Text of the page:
In our latest update from Leeds Adult Social Care Services leadership team, Shona McFarlane, Chief Officer for Access and Care Delivery, shares her thoughts on what it will take to provide outstanding social care.
Leeds has aspirations to be the best city in which to grow old. Add to this the focus on having a strong economy and a being a compassionate city and we have a great foundation for providing really effective social care services.
We have an amazing range of community services, both provided and commissioned and an outstanding third sector. It is also clear that people in Leeds have a huge commitment to volunteering and contributing to their local community but one area we need to develop a better focus on is personalised and person centred services.
We know that adult social care services have been somewhat protected within the financial challenges faced by councils over the last few years. The increase in the number of older and disabled people, combined with continuing tight budgets, means we need to support people to stay independent for longer and use resources available in their own families and communities rather than relying on directly provided care at the earliest stage in their journey. This fits with what people tell us; that they want to live at home for as long as possible and they want to be able to do things with friends and family where they live.
The Better Lives Strategy so far has focused on the way in which services are delivered, reducing in-house residential and some day care services, developing new models of care such as Aspire Community Benefit Society – a way of supporting people with learning disabilities, and building on the neighbourhood networks which are a real jewel in our crown.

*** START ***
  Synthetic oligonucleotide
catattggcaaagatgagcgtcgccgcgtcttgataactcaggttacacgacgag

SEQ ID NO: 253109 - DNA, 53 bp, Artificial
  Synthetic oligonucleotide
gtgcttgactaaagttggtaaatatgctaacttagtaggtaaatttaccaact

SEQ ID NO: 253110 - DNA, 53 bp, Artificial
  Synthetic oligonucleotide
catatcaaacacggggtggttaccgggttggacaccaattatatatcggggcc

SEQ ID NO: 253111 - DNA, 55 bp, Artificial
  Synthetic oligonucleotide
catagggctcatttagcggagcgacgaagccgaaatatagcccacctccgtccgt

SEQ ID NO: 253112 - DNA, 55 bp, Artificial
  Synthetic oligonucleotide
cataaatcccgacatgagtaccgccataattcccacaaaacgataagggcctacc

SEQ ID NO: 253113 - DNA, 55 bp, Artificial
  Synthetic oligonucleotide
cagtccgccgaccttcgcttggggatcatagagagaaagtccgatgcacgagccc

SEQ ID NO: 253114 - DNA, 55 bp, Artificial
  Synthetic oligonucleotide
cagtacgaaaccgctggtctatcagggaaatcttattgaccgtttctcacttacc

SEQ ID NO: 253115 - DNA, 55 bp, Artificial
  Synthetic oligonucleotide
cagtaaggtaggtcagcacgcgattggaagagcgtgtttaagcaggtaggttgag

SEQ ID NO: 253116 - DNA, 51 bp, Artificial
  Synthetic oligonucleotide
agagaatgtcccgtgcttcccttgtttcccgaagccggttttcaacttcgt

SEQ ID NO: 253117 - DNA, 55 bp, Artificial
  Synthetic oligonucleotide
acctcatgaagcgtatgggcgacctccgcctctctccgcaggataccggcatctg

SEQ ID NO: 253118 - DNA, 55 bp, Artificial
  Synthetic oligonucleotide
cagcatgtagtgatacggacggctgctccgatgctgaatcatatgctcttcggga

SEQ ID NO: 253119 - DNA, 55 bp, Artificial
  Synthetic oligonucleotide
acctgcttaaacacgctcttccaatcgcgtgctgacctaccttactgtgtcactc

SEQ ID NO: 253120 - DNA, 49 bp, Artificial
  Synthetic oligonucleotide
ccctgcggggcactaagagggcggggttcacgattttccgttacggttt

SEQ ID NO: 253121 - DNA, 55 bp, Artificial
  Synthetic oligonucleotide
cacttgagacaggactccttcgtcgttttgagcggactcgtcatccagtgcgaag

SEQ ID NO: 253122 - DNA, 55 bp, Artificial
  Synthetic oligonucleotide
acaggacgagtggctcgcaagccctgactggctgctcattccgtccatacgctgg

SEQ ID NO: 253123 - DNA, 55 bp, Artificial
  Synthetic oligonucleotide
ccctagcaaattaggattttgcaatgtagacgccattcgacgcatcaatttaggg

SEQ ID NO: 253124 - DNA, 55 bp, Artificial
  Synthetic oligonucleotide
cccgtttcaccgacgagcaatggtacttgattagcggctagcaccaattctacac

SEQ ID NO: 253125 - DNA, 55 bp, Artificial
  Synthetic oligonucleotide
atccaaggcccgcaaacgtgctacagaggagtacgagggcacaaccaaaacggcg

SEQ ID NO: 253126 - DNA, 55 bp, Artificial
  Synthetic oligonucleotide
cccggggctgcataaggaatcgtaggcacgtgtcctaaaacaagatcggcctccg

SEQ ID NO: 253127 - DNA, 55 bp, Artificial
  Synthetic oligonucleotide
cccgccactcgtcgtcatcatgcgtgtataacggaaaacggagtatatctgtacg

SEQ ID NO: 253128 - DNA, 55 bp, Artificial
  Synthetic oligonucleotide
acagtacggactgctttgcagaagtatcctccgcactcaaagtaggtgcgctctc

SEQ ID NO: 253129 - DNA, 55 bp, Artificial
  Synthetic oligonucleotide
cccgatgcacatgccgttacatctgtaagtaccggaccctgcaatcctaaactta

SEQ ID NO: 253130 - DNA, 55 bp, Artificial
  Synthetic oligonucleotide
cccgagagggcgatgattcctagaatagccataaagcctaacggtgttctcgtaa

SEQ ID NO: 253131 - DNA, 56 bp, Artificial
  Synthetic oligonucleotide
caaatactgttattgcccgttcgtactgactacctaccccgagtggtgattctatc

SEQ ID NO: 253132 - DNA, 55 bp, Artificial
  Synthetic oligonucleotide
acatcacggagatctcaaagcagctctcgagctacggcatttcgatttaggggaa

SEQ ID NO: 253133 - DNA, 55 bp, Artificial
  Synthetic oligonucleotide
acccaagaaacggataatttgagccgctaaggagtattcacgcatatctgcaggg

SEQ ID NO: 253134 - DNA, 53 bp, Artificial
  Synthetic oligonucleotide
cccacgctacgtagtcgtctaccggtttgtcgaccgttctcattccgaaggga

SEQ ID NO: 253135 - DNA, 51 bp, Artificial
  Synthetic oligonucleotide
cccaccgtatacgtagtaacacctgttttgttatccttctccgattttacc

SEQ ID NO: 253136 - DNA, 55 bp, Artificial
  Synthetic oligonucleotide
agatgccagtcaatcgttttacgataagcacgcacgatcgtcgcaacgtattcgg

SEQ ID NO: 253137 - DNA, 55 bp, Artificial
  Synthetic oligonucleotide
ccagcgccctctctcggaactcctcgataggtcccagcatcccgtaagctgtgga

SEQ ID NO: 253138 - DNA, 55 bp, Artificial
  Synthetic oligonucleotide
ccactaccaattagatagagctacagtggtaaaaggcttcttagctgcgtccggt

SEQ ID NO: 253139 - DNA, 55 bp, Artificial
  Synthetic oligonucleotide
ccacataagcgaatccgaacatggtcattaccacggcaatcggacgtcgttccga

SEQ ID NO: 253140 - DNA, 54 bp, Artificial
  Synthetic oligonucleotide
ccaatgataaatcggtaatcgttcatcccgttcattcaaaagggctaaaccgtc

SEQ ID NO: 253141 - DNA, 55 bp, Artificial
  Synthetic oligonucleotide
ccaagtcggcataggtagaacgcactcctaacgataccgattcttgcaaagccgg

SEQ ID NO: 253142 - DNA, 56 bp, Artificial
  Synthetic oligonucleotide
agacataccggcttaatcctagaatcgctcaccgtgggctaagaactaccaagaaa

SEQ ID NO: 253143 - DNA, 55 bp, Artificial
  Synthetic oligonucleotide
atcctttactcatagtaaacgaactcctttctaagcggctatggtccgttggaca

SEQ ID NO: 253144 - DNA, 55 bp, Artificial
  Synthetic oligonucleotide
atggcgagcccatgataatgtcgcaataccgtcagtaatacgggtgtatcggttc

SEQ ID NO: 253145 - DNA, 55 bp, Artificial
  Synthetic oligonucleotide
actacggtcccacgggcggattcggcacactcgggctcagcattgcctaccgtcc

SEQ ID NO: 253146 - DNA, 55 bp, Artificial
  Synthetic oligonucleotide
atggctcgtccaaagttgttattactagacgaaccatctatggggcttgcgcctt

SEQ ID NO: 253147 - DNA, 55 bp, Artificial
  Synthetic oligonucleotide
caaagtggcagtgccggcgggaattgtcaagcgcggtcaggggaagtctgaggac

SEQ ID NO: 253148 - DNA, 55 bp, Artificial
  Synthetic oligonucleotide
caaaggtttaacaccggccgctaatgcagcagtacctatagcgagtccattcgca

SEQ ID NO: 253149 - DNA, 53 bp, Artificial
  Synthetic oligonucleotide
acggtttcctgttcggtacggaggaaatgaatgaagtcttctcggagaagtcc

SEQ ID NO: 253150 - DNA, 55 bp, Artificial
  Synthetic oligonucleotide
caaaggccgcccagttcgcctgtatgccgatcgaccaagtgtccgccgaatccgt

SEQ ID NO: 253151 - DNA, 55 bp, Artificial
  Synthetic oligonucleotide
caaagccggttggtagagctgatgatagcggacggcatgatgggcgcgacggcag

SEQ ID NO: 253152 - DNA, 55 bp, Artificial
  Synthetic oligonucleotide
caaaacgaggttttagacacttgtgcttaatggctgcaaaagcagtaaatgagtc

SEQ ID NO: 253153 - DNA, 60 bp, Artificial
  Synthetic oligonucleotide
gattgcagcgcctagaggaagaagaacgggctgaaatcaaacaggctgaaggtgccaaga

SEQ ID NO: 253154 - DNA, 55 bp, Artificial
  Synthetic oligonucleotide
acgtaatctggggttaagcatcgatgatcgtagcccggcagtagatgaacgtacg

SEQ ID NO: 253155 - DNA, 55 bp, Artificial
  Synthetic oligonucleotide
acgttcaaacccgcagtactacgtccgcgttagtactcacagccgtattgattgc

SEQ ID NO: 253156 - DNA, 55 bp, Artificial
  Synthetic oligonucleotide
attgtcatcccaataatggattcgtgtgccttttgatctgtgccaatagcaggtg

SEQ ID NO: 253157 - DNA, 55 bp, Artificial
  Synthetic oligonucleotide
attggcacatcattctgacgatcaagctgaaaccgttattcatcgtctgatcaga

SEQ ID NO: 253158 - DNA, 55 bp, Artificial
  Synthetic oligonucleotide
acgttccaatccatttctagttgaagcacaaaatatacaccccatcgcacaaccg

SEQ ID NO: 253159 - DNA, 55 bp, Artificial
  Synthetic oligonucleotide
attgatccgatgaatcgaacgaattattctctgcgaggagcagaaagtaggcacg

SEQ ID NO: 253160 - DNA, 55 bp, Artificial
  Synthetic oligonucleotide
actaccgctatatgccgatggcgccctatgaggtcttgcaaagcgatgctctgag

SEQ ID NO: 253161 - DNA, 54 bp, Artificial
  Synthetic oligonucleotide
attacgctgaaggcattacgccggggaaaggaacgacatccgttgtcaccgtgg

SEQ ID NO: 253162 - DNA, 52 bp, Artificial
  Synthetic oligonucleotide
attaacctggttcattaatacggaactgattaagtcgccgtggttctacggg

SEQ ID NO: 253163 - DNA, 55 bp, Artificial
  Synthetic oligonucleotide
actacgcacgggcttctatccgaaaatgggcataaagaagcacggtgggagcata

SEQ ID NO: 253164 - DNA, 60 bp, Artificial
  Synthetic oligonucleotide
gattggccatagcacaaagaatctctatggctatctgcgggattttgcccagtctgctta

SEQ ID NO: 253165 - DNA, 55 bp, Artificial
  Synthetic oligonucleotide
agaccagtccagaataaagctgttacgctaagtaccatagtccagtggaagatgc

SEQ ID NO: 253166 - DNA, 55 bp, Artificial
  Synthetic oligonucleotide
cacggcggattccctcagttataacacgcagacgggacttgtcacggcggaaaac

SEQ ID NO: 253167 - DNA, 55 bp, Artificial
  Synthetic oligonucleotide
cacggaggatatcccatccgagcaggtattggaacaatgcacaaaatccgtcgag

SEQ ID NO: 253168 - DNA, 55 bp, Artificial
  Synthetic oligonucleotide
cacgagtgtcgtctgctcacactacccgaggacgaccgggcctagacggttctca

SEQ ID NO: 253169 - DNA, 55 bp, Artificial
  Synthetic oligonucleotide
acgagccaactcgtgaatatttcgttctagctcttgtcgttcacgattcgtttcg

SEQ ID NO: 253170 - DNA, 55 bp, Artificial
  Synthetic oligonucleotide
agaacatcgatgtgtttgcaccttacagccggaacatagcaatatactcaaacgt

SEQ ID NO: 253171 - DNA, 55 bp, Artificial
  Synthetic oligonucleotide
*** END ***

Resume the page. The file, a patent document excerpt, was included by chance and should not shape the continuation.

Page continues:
We are starting to see a clear shift in our social work to build on this foundation. There are some real strengths around risk management, responding to crisis and the way we approach the legal side of our work. But that’s not all social workers need to do – we have an ambition to deliver truly outstanding social work and that means working with people in a very different way.
Social workers need to be at the forefront of making Leeds a compassionate city; helping people to find and make the best use of the resources and strengths available within their communities, advocating for people’s human rights and aspirations, offering direct payments enabling them to have increasing choice and control over their care. It is also about working with people to help them to make a contribution themselves, perhaps through volunteering, sharing their skills and experience with others, not simply for them to be seen as just people in need of care and support.
The challenge however is to create the ambition and transform both what we as social workers do and how we do it. Starting soon, social workers will be involved in shaping the voice and values of social work in Leeds. This will focus on building trusting, meaningful relationships and having different conversations that start with the people we work with and keep them at the heart of everything we do.
Nationally the leadership of the profession may be at a crossroads with the closing of the College of Social Work and the recent announcement of a new regulatory body for the profession, but locally we can develop a clear vision and plan to deliver truly outstanding social work.